The public relations in running for president

By Will Bleier

Image Dems.png

With tweets, videos, speeches and late night TV appearances, a crowded Democratic field and a lone coffee executive with a book tour have all expressed interest in becoming the country’s next president.

But how does one decide what’s the best way to tell everyone they’re ready to run? And what effect does their chosen method have?

Kirsten Gillibrand, the senator from New York, announced her presidential aspirations on The Late Show with Stephen Colbert. That appearance garnered her face time with a young demographic.

It also gave her an opportunity to show off her sense of humor and play off of Colbert’s banter.

Gillibrand announced the beginning of an exploratory committee, which means she’s not bounded by full financial disclosures to the Federal Election Commission so basically she’s testing things out, not that such a committee has ever not yielded a full campaign.

The exploratory committee creates an additional opportunity for media attention. This means Gillibrand can now make another announcement when she’s ready to launch the full campaign.

Kamala Harris, the senator from California, skipped the exploratory phase, making her announcement in a straightforward interview on ABC’s Good Morning America. But Harris’ early morning move allowed her to control the day’s news cycle.

She also threw her hat in the ring on Martin Luther King Day and timed around the anniversary of Rep. Shirley Chisholm’s 1972 presidential campaign launch the first African-American and woman to seek the office in either of the two major parties.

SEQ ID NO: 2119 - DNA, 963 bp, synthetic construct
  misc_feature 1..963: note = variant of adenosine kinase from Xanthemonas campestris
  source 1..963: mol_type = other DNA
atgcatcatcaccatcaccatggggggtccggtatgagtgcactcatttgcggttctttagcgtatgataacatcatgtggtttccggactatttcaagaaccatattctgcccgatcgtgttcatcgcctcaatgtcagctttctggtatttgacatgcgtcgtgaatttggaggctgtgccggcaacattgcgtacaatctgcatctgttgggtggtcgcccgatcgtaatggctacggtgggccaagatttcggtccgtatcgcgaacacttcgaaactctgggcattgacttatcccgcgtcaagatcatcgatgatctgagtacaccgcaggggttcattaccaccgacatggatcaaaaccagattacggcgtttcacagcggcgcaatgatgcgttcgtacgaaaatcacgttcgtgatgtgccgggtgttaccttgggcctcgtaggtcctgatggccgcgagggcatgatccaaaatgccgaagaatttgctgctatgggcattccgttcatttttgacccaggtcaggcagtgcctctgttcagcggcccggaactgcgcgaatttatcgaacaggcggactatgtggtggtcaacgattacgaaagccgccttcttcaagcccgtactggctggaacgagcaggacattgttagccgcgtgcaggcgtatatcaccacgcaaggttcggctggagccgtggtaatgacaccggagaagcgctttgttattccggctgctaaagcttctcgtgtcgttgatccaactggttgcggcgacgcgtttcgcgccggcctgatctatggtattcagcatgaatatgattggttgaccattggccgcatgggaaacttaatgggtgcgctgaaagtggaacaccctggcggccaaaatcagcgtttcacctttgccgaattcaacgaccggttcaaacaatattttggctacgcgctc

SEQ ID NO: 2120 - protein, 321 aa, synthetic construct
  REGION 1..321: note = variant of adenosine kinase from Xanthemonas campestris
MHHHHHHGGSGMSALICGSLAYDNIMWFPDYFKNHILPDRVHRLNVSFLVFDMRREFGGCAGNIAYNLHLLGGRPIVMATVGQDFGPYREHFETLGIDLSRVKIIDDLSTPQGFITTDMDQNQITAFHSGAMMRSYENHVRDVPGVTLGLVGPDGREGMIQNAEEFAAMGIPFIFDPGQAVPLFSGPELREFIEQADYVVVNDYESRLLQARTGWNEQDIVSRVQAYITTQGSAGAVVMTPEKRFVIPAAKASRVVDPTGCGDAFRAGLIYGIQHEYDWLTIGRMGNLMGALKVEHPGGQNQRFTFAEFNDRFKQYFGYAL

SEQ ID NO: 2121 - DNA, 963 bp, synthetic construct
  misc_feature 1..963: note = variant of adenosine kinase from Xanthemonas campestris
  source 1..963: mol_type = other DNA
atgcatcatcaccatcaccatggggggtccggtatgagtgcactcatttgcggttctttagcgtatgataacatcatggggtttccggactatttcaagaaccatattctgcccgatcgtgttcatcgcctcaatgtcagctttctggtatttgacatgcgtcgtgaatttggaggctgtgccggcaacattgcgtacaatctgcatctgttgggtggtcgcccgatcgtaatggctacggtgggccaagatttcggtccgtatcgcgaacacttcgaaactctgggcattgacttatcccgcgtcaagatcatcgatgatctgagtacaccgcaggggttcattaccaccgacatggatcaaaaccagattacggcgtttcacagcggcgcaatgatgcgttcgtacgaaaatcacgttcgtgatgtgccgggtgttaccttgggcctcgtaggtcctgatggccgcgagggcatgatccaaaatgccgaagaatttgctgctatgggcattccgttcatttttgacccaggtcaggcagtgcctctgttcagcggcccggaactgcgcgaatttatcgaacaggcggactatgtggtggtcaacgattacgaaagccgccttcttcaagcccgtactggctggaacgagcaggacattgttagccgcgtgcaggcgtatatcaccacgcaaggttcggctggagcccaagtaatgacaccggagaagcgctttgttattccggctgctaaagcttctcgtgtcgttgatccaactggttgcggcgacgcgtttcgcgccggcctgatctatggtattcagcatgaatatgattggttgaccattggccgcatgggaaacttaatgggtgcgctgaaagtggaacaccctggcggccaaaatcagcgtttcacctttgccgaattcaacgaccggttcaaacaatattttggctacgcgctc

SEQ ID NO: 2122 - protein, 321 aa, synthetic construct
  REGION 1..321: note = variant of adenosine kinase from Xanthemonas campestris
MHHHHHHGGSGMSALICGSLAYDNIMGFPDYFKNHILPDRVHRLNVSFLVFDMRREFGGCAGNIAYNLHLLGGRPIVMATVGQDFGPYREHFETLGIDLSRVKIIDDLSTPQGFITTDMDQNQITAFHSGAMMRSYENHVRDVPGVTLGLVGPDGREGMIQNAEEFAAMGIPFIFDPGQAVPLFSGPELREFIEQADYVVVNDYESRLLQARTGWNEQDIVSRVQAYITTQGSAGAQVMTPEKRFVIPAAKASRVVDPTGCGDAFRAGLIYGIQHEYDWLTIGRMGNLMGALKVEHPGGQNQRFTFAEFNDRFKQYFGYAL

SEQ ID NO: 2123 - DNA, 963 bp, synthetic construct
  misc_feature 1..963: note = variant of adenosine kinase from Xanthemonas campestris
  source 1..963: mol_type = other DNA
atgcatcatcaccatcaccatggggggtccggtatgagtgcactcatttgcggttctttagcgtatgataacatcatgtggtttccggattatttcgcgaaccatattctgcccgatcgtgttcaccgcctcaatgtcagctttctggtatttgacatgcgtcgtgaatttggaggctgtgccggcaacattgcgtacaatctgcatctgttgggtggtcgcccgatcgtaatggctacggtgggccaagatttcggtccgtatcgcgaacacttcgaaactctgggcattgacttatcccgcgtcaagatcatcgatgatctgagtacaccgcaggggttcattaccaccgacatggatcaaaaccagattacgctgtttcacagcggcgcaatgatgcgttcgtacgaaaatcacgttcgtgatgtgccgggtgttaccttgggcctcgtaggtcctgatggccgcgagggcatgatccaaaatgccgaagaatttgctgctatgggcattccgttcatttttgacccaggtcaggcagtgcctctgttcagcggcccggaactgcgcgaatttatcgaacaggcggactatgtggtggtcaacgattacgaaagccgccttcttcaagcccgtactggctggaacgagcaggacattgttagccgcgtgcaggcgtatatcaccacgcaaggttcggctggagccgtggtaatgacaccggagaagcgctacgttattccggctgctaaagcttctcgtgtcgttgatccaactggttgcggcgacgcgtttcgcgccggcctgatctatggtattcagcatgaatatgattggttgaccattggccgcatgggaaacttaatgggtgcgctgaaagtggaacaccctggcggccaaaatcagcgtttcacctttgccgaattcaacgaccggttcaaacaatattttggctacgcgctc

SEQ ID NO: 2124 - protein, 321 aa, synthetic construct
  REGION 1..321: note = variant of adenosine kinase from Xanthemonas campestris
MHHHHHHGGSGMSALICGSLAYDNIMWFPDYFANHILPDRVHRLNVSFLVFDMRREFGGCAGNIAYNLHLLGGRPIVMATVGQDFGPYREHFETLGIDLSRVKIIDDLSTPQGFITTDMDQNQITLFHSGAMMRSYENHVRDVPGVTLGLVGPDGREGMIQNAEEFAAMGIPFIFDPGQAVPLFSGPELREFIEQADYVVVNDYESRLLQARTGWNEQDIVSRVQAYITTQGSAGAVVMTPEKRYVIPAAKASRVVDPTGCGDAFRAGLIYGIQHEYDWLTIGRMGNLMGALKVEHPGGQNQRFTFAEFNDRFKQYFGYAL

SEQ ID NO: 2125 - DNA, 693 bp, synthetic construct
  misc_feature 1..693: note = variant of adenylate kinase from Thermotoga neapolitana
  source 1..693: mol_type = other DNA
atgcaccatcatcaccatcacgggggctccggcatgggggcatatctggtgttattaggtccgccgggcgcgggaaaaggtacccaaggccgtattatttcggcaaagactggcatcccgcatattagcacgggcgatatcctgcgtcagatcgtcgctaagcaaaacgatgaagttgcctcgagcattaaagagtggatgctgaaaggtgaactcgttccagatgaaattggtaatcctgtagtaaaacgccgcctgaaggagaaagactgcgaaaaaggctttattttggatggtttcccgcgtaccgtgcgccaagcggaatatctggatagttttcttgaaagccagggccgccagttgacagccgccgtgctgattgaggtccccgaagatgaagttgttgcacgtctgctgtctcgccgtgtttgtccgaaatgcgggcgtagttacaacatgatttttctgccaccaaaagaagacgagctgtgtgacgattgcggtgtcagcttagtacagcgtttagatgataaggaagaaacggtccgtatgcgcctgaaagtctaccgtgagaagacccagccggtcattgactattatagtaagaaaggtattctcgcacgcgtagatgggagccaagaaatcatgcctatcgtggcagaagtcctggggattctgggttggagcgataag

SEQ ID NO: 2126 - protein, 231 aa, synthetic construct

In the perfect combination of symbolism and strategy, her launch awarded her a sizable mass of social media attention.

Corey Booker, the senator from New York; however, won the social media game.

His campaign announcement video, posted to Twitter, has received well over 3.8 million views.

Social media has proven itself as a launching platform for presidential campaigns, which can quickly rival and exceed traditional media.

And now, the coffee guy.

Howard Schultz, the former CEO of Starbucks, broke the news of his potential run on Twitter and later that night on CBS’ 60 Minutes.

Although, Shultz felt the pain of social media gone wrong.

Shortly after spilling the beans, Twitter users roasted the billionaire businessman for his intentions of running an independent campaign. Many Democrats feared his run would set the stage for another four years of Donald Trump.

Shultz then attempted to shift the focus of his presidential consideration, saying he would first go on book tour and continue to weigh his options. A choice that is either genius PR, pure confusion or somewhere in between.

Either way, if the start of the 2020 campaign season is any indication, we’re in for a wild ride.

 

Now, let’s just wait for Shultz to return from that book tour.

 

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